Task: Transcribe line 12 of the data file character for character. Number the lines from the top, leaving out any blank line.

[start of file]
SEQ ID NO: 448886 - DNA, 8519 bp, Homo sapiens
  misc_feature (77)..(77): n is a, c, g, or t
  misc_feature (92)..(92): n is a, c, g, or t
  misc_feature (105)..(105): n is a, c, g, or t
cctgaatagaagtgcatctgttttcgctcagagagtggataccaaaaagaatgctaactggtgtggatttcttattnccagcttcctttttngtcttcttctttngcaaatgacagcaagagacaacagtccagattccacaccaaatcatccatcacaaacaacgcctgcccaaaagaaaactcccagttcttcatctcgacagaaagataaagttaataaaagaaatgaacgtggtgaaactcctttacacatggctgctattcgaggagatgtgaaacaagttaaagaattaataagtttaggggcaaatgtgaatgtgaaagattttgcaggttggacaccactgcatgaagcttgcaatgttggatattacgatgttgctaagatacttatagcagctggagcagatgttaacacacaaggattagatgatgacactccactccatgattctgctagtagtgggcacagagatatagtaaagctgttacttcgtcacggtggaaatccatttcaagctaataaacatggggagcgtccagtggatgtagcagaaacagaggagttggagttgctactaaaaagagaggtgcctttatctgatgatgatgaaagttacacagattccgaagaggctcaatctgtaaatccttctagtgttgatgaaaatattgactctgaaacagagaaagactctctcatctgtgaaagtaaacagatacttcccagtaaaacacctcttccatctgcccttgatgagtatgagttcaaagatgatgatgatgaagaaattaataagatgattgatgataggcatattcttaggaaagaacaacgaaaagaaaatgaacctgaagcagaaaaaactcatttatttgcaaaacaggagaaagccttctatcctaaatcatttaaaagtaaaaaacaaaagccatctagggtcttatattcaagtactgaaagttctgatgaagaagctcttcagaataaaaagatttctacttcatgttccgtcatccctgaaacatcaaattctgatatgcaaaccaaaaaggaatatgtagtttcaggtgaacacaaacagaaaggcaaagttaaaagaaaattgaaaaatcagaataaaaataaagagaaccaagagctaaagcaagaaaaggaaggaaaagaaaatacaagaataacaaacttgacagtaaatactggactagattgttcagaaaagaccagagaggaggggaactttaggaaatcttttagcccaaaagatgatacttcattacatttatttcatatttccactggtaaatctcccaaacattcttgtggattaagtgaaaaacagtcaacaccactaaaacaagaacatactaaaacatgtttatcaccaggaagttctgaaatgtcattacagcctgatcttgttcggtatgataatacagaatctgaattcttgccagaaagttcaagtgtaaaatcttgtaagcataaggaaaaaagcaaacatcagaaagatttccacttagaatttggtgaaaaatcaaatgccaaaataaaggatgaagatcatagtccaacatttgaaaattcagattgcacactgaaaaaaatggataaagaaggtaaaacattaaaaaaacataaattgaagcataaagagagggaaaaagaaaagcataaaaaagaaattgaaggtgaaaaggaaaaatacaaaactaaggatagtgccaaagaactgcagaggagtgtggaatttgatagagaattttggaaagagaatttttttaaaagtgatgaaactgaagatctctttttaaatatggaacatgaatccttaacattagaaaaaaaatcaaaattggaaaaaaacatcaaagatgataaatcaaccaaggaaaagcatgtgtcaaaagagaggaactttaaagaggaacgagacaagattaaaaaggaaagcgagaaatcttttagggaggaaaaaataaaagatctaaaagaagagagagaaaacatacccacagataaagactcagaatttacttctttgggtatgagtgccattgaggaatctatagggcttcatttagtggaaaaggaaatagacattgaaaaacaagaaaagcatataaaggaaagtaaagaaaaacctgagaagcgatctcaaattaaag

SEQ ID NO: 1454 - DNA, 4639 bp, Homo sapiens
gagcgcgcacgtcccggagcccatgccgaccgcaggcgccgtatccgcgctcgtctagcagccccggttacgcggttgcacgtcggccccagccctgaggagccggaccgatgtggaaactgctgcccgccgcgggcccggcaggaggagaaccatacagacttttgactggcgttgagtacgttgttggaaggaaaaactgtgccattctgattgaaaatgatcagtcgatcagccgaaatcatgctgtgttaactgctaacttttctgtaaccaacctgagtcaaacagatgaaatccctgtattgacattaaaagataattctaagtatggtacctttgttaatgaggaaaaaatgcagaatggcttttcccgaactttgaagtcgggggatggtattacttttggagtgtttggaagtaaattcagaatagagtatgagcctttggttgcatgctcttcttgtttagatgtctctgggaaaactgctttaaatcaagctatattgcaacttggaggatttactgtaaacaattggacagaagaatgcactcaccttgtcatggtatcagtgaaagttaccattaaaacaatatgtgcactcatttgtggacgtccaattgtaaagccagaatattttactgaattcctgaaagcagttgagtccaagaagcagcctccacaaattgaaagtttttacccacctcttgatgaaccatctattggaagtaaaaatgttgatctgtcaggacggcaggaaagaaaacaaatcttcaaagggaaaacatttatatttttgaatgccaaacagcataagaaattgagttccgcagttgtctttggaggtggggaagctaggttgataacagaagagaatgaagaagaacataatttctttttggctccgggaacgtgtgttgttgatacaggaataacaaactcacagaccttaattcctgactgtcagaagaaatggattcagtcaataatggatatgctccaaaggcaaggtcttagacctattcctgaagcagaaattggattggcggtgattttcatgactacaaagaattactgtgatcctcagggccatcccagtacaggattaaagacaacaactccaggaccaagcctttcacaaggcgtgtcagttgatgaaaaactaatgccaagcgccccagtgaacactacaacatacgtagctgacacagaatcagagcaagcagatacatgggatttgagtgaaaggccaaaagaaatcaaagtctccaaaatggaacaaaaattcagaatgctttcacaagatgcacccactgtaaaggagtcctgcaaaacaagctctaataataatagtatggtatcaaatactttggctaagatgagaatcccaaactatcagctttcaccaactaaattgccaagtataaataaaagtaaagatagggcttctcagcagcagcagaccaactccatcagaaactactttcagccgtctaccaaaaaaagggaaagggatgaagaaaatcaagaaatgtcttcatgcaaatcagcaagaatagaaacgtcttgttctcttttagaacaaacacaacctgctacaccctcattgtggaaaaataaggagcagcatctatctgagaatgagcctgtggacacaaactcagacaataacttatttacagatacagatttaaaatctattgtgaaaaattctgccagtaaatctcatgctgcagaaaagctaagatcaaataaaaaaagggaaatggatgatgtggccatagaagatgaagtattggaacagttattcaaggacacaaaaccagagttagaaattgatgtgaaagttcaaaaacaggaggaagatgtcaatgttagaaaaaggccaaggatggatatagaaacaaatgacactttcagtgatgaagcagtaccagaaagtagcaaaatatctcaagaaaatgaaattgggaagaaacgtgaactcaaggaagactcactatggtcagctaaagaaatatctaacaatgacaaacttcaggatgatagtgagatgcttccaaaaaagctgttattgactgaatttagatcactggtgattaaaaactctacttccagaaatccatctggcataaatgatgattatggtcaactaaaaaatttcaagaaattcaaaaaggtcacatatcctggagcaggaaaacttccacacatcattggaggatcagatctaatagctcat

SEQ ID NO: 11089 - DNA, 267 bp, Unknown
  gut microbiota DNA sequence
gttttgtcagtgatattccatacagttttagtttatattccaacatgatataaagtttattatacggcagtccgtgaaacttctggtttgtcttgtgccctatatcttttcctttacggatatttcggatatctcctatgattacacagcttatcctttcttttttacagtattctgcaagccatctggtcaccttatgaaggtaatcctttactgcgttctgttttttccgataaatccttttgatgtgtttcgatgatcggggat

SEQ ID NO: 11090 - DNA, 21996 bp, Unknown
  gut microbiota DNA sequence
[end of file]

  gut microbiota DNA sequence